It is important to note that an SAS in Ecuador cannot engage in commercial activities that fall outside of its stated line of business, and cannot be involved in certain activities — such as insurance or financial services — that are handled with special conditions set out by Ecuadorian corporate law.

Establishing an SAS corporation in Ecuador entails minimal administrative costs because it is formed through private acts and documents, meaning that notarial services are not needed.

Note that if you already have another kind of entity established in the country, it may be possible to transform your current structure into an SAS — something a corporate lawyer in Ecuador will be able to advise you on.

Choose the right corporate lawyer in Ecuador

If you are planning to form an SAS corporation in Ecuador — or do any kind of business in the country — you will need to make sure that you secure the services of a reliable local corporate lawyer. 

Your lawyer will not only be able to guide you through every step of the process for setting up an SAS corporation in Ecuador, but will also be able to provide ongoing advice on various aspects of local legislation, guaranteeing your compliance in the process.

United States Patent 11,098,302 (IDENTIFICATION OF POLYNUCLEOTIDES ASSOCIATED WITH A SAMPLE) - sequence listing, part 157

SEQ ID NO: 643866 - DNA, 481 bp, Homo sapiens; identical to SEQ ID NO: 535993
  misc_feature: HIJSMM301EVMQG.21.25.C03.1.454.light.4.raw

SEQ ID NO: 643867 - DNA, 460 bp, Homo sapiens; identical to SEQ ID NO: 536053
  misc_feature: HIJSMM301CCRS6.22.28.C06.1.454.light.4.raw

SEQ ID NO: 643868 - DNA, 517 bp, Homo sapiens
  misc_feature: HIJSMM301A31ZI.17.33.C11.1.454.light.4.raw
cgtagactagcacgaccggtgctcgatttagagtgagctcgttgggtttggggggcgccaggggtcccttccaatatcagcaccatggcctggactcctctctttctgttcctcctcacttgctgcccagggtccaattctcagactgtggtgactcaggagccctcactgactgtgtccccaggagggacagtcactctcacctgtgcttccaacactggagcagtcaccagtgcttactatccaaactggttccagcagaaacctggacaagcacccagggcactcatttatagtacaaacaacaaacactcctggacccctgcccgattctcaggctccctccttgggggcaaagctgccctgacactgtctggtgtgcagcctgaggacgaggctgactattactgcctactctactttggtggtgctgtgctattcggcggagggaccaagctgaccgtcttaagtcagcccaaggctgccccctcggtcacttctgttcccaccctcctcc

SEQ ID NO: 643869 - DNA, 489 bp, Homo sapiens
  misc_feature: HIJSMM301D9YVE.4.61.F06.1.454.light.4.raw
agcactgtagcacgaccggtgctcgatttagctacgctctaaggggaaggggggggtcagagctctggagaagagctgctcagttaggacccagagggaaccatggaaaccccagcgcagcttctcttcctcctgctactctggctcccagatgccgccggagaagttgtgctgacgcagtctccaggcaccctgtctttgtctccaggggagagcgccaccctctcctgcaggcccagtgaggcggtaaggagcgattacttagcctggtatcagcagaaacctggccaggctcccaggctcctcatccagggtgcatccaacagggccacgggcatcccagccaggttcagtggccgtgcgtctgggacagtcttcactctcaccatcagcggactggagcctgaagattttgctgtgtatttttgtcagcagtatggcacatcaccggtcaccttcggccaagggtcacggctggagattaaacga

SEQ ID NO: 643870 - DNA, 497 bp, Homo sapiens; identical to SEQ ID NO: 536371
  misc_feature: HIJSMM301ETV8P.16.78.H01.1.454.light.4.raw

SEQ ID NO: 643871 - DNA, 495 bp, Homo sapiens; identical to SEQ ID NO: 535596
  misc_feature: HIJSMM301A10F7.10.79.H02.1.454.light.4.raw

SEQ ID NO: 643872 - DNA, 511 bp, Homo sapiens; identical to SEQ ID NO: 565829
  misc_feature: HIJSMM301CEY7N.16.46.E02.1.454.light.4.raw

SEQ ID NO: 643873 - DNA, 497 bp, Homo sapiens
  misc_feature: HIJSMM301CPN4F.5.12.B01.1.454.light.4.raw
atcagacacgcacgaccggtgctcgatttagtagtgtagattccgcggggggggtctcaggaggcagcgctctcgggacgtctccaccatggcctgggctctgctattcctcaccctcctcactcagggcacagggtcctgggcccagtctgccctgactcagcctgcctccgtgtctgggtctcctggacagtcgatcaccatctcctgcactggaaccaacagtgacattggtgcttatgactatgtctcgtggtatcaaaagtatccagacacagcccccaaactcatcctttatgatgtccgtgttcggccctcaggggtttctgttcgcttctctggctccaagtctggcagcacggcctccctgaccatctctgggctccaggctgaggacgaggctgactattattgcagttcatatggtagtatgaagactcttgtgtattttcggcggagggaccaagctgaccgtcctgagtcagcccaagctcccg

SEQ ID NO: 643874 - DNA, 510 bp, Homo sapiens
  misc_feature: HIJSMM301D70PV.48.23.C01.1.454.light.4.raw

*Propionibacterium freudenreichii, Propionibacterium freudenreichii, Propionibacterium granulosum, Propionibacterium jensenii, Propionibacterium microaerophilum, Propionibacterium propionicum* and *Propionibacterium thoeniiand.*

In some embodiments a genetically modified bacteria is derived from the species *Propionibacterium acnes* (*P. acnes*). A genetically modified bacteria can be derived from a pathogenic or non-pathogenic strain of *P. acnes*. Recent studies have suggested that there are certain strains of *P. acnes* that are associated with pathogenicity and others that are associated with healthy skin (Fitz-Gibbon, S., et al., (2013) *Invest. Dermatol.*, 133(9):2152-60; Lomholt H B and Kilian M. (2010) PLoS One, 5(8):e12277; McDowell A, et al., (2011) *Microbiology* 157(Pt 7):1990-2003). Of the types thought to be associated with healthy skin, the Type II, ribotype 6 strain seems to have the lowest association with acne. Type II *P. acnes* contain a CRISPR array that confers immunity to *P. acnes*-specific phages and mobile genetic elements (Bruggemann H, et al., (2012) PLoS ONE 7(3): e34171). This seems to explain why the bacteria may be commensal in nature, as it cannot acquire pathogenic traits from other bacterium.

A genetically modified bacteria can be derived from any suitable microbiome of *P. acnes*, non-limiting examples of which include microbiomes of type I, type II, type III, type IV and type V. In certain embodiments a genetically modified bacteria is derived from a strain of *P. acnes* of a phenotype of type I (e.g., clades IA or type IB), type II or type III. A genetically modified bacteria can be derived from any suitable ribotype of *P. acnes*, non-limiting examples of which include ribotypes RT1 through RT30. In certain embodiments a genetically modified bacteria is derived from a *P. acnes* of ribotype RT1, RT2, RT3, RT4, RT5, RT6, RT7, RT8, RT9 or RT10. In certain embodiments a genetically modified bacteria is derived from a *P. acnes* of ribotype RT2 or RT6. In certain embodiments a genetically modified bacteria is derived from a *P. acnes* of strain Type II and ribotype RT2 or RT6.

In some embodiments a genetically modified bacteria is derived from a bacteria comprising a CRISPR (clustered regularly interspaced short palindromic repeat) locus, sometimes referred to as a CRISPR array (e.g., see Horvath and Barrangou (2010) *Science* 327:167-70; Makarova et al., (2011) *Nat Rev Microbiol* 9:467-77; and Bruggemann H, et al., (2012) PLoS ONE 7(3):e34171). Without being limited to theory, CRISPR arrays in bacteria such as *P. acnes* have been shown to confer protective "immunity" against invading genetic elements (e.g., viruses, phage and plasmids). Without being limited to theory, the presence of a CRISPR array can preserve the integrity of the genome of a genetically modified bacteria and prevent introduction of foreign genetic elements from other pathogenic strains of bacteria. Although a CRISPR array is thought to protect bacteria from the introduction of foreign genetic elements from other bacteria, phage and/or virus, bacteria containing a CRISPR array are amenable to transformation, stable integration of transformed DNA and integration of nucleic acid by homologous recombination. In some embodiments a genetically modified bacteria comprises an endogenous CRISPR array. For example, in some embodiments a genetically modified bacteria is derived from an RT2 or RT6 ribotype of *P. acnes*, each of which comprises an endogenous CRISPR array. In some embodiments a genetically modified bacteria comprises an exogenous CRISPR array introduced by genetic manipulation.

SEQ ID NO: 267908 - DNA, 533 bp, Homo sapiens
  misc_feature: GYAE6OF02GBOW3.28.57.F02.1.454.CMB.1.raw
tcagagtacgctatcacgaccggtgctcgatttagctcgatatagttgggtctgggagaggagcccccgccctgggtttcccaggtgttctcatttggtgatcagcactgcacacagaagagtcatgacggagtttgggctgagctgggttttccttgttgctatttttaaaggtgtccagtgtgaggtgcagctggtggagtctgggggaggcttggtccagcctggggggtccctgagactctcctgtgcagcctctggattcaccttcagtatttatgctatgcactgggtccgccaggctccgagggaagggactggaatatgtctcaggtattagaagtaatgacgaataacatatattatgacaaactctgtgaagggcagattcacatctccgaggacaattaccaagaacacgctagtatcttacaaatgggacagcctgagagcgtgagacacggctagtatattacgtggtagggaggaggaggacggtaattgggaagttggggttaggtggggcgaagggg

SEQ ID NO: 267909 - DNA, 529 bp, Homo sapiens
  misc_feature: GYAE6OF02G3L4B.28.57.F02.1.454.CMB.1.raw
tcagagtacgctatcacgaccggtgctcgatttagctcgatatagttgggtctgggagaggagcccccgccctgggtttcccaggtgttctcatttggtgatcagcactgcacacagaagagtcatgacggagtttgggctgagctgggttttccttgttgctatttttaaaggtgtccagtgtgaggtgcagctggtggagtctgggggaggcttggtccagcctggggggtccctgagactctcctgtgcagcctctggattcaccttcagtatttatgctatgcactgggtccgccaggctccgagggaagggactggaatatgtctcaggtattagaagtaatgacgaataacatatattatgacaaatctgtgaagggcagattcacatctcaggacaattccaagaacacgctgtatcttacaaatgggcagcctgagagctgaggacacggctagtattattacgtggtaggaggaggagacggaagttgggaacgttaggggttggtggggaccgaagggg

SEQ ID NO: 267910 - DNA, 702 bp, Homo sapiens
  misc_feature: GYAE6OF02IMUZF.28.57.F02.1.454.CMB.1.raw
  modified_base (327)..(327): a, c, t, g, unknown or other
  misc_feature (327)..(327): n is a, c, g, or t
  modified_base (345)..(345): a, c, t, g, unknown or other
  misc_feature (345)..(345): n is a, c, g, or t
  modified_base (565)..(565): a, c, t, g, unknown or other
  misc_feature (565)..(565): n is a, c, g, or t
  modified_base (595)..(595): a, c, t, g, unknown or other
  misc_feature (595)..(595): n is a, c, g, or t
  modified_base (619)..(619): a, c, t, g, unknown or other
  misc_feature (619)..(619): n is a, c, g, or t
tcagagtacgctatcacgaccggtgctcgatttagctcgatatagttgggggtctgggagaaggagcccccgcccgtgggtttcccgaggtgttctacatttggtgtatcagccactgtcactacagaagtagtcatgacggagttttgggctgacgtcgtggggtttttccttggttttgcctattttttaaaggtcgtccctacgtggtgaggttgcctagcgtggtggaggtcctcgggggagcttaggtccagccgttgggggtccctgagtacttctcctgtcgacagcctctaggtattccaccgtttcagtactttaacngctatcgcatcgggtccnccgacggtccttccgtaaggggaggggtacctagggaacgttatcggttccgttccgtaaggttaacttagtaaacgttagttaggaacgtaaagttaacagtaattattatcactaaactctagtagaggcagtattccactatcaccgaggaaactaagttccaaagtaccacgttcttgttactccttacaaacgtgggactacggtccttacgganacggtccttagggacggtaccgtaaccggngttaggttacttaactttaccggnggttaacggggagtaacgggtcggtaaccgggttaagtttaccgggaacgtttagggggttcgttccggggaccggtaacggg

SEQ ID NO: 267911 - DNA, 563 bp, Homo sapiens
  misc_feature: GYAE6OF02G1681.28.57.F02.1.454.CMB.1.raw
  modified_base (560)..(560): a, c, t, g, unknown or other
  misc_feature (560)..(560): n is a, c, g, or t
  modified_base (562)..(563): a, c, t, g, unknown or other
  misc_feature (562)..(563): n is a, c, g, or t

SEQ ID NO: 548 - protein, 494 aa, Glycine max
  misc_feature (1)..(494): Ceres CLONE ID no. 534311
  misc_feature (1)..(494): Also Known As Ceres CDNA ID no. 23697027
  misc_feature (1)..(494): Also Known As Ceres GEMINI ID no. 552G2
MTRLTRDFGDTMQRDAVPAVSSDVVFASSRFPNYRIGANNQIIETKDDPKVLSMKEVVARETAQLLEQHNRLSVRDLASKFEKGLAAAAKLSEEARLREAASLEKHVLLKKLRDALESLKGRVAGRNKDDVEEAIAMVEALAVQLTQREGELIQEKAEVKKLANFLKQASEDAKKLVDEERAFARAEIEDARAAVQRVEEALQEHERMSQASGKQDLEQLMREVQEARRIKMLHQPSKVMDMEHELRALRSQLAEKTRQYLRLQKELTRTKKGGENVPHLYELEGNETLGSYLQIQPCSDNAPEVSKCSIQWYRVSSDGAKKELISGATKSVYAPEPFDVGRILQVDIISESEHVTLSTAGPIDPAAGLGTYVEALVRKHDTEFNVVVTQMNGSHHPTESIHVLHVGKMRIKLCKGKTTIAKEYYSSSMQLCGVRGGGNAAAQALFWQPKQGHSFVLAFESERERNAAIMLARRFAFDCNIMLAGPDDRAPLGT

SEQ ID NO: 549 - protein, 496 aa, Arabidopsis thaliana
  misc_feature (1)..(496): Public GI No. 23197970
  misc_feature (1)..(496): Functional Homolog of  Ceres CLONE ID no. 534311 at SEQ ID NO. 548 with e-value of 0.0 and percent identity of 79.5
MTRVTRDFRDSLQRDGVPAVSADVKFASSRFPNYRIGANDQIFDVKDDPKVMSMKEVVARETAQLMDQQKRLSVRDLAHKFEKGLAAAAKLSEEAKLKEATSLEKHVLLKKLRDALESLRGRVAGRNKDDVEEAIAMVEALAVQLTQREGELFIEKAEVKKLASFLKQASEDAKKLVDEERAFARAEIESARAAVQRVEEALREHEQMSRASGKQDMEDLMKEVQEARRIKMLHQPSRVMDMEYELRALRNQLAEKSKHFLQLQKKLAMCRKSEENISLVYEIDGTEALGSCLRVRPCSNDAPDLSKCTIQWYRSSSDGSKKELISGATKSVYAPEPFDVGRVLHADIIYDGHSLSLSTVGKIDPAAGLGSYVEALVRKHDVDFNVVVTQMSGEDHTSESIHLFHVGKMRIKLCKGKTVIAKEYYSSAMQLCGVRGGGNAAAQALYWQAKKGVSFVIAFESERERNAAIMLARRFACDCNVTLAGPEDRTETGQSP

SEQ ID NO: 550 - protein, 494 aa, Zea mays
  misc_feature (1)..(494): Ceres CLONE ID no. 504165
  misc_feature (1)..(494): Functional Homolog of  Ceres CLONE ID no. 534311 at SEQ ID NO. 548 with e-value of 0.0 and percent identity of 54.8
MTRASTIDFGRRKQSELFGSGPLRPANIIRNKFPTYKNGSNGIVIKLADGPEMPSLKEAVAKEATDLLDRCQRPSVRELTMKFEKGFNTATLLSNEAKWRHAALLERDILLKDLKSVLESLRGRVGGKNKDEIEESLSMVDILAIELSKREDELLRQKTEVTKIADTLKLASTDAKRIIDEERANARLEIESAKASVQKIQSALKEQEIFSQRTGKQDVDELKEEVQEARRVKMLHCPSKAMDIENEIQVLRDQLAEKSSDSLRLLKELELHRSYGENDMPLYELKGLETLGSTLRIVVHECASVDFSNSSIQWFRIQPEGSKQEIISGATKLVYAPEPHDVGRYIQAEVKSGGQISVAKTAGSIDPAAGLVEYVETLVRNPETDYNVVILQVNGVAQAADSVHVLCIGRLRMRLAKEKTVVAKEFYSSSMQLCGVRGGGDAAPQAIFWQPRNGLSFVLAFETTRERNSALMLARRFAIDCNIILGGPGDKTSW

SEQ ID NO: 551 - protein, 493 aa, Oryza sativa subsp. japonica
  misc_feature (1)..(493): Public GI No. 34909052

You will also want to make sure that your lawyer in Ecuador has a track record of assisting investors in the country, and will be able to anticipate obstacles and pitfalls that you might encounter, and effectively represent you in front of local authorities.

That will include the protection of your intellectual property, in order to guarantee your competitiveness in the market and prevent imitation from competitors.    

Biz Latin Hub can help you to establish an SAS corporation in Ecuador

At Biz Latin Hub, we have the personnel and expertise to help you establish an SAS corporation in Ecuador, as well as to support you in ongoing operations. We offer a comprehensive portfolio of back-office services, including company formation, accounting & taxation, legal services, and visa processing, meaning that we can provide tailored packages of integrated services to suit every need.

We also operate in 16 other markets around Latin America and the Caribbean and specialize in multi-jurisdiction market entry.

Contact us today to find out more about how we can support you doing business in Ecuador.

Or read about our team and expert authors.

Key services offered by BLH including legal services, accounting & taxation, hiring & PEO, due diligence, tax advisory, and visa processing
Key services offered by Biz Latin Hub

The information provided here within should not be construed as formal guidance or advice. Please consult a professional for your specific situation. Information provided is for informative purposes only and may not capture all pertinent laws, standards, and best practices. The regulatory landscape is continually evolving; information mentioned may be outdated and/or could undergo changes. The interpretations presented are not official. Some sections are based on the interpretations or views of relevant authorities, but we cannot ensure that these perspectives will be supported in all professional settings.